They shouldn't be able to monetarize if I haven't got a choice of whether their building gets in my way or not. If this goes through it could seriously affect the ability of some new buildings to get planning permission.
DBE: This may be a 'niche' response, but I will stick with a DSLR / OVF for the foreseeable future since an EVF cannot be used when photographing night landscapes. With an OVF your eyes eventually adjust to the darkness and you can properly frame your shot by starlight. An EVF? Pure black - at least with my previous Sony SLT. The same goes for bright sunlight. The current crop of EVFs cannot and perhaps never will match the dynamic range of what your eye sees through an OVF, and the 'look' of a final print is what you remember from the viewfinder composition. But then again, I still create framed prints, which may also be going the way of the Dodo ...
If you shoot with effects on you get a reasonably good interpretation of what will end up on the pic - ie bright in comparison to an OVF viewfinder of a 20 second exposure.
skyfotos: I used film Leicas for many years but have never got used to the fatter feel of digital Leicas. I wish that they would slim the digital models down to the original film M3 size.
Not entirely. If you were willing to have the bayonet stick out a little relative to the body, you could get a thinner body, but it would still be the same dimensions from rear screen to bayonet flange as the current digital models (ie it would feel thinner in your hands, but would be just as deep overall) - it also might loose some of the look of a Leica M...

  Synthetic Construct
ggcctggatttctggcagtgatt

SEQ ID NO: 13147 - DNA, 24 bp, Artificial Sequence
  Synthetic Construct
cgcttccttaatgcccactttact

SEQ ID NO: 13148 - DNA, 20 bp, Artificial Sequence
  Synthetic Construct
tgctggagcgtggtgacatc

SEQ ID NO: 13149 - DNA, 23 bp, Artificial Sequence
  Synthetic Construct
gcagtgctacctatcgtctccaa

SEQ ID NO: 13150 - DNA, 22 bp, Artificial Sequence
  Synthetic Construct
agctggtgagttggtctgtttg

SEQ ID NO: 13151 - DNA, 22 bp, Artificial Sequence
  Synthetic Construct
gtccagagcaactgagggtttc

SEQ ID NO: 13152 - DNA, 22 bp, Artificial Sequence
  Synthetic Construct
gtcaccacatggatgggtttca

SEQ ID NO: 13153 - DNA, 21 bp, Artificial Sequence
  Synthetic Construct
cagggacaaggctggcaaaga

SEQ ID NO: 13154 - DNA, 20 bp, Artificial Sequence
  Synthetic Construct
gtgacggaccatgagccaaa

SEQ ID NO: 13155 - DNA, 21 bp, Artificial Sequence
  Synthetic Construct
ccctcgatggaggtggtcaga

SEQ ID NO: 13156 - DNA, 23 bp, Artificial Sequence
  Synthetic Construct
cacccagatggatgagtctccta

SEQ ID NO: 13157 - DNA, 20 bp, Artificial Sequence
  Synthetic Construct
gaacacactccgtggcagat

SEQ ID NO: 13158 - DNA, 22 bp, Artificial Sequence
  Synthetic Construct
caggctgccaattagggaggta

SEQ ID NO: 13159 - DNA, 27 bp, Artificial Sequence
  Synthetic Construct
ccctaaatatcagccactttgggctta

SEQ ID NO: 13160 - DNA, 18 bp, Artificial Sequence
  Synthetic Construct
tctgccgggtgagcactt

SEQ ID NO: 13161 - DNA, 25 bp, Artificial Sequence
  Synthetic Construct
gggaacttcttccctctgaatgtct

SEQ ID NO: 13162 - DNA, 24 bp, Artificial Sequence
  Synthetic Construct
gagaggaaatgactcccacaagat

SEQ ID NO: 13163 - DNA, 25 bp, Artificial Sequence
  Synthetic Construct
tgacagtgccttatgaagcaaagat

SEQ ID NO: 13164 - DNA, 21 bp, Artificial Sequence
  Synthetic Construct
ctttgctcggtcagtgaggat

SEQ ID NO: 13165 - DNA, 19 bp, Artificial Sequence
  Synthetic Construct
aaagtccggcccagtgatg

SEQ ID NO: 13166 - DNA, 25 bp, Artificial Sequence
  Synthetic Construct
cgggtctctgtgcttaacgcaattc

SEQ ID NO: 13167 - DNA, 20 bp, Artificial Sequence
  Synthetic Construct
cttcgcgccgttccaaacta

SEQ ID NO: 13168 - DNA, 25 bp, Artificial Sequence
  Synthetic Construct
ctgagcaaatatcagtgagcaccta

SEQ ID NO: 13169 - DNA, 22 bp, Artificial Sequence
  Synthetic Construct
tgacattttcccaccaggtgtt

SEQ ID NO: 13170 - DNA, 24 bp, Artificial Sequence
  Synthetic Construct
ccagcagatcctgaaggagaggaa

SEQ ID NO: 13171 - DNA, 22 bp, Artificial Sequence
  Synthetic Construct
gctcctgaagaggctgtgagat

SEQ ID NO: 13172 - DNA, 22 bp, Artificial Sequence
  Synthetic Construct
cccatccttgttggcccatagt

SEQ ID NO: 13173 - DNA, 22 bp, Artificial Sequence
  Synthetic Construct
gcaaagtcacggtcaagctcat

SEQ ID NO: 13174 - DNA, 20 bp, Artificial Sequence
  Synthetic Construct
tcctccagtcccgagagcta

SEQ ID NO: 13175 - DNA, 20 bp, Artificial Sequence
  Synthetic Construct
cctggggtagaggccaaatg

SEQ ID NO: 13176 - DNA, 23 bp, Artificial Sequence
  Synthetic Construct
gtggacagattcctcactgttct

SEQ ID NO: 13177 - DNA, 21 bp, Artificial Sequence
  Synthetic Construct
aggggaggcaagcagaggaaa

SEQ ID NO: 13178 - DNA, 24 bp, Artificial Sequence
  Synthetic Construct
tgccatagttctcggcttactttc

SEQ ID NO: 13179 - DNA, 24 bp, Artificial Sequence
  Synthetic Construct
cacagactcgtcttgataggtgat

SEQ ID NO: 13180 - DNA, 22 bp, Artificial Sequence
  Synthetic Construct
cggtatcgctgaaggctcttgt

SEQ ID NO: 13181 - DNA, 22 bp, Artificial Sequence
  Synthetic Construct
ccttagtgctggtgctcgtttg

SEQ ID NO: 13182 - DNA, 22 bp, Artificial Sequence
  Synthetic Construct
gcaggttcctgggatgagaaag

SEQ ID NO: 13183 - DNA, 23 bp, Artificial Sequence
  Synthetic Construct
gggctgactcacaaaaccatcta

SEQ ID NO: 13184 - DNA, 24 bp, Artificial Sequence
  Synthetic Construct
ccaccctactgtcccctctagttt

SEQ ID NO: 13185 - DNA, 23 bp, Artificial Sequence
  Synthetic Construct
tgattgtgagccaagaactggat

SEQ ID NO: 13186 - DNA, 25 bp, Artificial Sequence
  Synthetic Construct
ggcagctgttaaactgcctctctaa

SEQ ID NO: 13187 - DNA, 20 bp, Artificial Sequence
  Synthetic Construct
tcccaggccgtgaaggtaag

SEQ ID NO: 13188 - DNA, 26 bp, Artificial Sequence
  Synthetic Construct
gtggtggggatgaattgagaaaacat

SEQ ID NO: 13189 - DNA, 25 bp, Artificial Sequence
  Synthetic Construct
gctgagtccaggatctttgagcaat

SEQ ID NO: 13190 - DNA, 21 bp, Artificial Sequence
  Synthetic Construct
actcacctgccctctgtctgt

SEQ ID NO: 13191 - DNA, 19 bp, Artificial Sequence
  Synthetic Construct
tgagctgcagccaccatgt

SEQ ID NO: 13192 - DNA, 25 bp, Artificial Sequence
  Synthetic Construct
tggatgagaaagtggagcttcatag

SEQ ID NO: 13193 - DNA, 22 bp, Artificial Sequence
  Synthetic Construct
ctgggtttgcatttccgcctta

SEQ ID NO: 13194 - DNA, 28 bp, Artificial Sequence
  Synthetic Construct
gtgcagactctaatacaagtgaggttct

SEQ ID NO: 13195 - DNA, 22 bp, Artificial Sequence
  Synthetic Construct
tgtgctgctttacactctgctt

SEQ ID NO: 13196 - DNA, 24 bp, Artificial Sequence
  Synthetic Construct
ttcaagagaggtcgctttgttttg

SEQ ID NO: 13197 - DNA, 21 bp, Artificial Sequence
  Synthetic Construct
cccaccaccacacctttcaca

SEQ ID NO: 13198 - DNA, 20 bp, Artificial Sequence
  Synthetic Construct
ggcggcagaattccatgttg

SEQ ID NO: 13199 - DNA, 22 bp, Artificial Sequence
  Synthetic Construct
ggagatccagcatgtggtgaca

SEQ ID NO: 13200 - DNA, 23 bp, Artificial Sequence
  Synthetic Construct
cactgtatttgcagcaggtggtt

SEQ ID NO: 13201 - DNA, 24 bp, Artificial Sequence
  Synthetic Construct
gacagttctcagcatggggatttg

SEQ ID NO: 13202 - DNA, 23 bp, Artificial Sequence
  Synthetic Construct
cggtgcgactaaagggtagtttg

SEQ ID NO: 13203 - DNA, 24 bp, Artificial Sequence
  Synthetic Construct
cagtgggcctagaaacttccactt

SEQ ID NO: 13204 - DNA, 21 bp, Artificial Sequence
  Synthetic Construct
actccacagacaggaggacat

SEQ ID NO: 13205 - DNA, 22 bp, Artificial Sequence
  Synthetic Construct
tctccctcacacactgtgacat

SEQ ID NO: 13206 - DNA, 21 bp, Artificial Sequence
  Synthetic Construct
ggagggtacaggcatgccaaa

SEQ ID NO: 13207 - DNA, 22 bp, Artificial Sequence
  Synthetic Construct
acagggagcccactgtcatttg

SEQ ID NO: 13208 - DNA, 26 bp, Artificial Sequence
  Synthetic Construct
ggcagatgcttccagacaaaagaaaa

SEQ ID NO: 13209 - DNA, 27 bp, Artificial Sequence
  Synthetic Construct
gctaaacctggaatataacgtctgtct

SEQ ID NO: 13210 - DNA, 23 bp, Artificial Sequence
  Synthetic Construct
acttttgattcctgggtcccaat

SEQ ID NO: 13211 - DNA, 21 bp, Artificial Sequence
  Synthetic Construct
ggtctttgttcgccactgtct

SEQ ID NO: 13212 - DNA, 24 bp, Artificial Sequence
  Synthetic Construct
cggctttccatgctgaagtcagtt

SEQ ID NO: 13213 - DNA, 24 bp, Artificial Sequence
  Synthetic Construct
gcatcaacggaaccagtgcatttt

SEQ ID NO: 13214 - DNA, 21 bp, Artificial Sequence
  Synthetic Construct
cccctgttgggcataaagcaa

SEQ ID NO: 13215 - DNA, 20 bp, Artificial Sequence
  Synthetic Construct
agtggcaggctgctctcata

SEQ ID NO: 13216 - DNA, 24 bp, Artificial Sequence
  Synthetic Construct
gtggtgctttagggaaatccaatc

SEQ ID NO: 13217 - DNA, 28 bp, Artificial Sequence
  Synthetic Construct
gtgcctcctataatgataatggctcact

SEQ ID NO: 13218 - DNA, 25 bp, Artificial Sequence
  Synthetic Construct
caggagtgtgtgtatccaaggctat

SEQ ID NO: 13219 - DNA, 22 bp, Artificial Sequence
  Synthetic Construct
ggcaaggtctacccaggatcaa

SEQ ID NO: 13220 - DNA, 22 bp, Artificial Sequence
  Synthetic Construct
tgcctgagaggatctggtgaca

SteveY80: I can't really see why I'd buy one of these considering the excellent Sigma and Tamron macro lenses in the same price range. The older 90mm Tamron is actually a bit cheaper and lighter, with the advantage of automatic aperture, and also AF if it's needed (e.g. if using it as a dual purpose macro/portrait lens).
In my opinion, only having manual aperture is a significant disadvantage for macro, where you'll usually be stopped down to a narrow aperture. That's why I stopped using a manual lens on extension tubes and got a native macro lens.
The manual aperture does not matter so much to anyone using a mirrorless/evf system, but agree that the pricing is ambitious given some excellent AF optics being available at a lower price.
I'n surprised that the a7 and a7mII are not in the same category... is this the only way of explaining why the scores for the 7's RAW files is better than for the 7mII?
Kwick1: Canon needs to realize that the money is in the lenses, not the bodies. Doesn't matter if it's a DSLR or this lame attempt at a MILC. If you sell the blades, it doesn't matter whose razor it is.
I don't think that is the case any more - unlike the days of film each body has its own sensor, which gets surpassed by new technology plus we use our digital cameras more and actually wear them out... I think purchasers of a modern system are likely to buy as many bodies as lenses over a long term, as lenses do not wear out or get replaced by something that is markedly better.
Good luck to them!
Well done Nikon. The fix will be expensive, but easier to bear than damage to reputation. There is a real need for adequate product testing - trouble is that market pressures can lead to product releases before they are fully ready - this could well apply to other brands (who will be under the same sort of pressures) as well.